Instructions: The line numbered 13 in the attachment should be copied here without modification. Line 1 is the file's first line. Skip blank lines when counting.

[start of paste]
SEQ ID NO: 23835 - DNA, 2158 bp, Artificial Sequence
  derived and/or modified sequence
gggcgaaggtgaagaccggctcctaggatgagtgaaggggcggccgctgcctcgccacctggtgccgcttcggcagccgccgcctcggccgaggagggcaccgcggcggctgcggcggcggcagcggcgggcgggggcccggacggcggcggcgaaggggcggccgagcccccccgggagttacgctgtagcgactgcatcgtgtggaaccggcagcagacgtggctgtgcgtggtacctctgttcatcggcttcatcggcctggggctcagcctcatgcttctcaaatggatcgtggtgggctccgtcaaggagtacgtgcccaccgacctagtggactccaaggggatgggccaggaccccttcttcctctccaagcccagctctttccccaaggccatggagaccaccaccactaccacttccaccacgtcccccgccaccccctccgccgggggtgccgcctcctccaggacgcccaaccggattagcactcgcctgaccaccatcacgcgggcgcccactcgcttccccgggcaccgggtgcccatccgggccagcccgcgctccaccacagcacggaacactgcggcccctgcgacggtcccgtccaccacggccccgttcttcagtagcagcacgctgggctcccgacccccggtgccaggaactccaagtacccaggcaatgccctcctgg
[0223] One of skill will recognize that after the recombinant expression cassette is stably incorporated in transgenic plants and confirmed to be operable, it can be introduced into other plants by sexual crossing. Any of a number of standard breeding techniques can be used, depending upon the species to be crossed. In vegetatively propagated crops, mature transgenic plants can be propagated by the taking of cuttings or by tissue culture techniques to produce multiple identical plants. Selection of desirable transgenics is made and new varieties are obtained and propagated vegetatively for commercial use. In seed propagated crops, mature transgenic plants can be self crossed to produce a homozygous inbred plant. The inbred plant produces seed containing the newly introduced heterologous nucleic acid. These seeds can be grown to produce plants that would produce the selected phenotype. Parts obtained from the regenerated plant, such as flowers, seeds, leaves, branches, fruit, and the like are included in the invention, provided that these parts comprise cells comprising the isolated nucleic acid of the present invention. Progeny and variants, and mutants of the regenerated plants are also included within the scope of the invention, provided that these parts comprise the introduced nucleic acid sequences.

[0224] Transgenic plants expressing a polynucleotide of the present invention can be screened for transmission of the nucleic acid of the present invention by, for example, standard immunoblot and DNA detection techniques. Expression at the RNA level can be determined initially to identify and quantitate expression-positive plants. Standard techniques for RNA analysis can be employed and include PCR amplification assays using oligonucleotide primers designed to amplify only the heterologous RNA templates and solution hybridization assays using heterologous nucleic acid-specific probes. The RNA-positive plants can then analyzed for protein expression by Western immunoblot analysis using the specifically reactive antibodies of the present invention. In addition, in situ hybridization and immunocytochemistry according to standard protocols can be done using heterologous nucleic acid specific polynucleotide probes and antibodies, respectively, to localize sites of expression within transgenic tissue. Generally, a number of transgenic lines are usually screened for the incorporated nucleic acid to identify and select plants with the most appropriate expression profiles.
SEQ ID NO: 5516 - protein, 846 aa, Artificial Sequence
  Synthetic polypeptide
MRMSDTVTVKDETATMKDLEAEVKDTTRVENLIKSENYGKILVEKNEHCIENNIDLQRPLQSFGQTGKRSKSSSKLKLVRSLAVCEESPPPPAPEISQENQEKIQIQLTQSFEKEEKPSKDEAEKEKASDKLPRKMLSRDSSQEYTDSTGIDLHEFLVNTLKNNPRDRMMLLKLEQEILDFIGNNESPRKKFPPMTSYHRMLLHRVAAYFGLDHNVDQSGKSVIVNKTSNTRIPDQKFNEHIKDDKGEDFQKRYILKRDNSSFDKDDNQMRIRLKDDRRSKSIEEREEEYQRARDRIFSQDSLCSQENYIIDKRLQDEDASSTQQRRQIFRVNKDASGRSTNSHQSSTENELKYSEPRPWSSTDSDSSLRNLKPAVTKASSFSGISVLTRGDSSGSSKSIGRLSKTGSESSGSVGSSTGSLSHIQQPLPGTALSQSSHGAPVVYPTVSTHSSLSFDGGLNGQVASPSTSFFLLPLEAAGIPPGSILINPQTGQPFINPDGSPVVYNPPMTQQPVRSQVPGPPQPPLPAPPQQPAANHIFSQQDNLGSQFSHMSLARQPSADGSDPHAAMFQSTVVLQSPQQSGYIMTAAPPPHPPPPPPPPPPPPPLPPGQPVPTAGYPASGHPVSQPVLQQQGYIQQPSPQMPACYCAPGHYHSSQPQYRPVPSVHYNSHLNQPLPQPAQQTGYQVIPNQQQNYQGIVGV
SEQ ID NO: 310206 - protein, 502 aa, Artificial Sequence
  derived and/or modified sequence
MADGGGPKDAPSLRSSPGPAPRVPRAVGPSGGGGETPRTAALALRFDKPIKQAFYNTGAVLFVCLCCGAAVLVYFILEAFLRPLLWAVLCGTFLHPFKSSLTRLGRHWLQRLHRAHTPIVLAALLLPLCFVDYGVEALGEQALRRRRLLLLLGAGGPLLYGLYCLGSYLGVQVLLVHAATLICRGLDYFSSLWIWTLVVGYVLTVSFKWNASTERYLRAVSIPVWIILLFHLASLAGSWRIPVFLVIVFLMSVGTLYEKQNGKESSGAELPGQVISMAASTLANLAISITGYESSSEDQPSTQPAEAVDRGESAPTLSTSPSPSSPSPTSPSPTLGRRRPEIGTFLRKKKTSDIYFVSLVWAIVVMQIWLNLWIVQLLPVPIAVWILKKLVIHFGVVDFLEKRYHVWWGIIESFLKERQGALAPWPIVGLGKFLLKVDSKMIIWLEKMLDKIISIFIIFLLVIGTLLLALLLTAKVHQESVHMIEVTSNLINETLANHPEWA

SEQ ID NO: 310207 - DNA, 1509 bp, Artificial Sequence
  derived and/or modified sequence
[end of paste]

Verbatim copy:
  derived and/or modified sequence